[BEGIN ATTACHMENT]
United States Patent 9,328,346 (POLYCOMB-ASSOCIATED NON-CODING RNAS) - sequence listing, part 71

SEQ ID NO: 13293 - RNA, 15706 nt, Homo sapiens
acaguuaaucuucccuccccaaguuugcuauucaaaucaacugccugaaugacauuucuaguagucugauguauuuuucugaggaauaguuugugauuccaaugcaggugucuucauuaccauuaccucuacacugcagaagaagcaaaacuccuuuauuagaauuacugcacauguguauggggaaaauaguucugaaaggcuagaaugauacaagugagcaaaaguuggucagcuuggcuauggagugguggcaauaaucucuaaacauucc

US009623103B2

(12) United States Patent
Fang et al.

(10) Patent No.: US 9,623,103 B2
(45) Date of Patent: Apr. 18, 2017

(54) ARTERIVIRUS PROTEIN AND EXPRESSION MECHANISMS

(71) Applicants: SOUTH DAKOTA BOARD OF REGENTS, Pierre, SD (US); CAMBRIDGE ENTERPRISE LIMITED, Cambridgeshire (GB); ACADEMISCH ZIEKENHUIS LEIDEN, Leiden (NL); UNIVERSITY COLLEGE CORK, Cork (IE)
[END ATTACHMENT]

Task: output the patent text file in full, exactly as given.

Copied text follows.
United States Patent 9,328,346 (POLYCOMB-ASSOCIATED NON-CODING RNAS) - sequence listing, part 71

SEQ ID NO: 13293 - RNA, 15706 nt, Homo sapiens
acaguuaaucuucccuccccaaguuugcuauucaaaucaacugccugaaugacauuucuaguagucugauguauuuuucugaggaauaguuugugauuccaaugcaggugucuucauuaccauuaccucuacacugcagaagaagcaaaacuccuuuauuagaauuacugcacauguguauggggaaaauaguucugaaaggcuagaaugauacaagugagcaaaaguuggucagcuuggcuauggagugguggcaauaaucucuaaacauucc

US009623103B2

(12) United States Patent
Fang et al.

(10) Patent No.: US 9,623,103 B2
(45) Date of Patent: Apr. 18, 2017

(54) ARTERIVIRUS PROTEIN AND EXPRESSION MECHANISMS

(71) Applicants: SOUTH DAKOTA BOARD OF REGENTS, Pierre, SD (US); CAMBRIDGE ENTERPRISE LIMITED, Cambridgeshire (GB); ACADEMISCH ZIEKENHUIS LEIDEN, Leiden (NL); UNIVERSITY COLLEGE CORK, Cork (IE)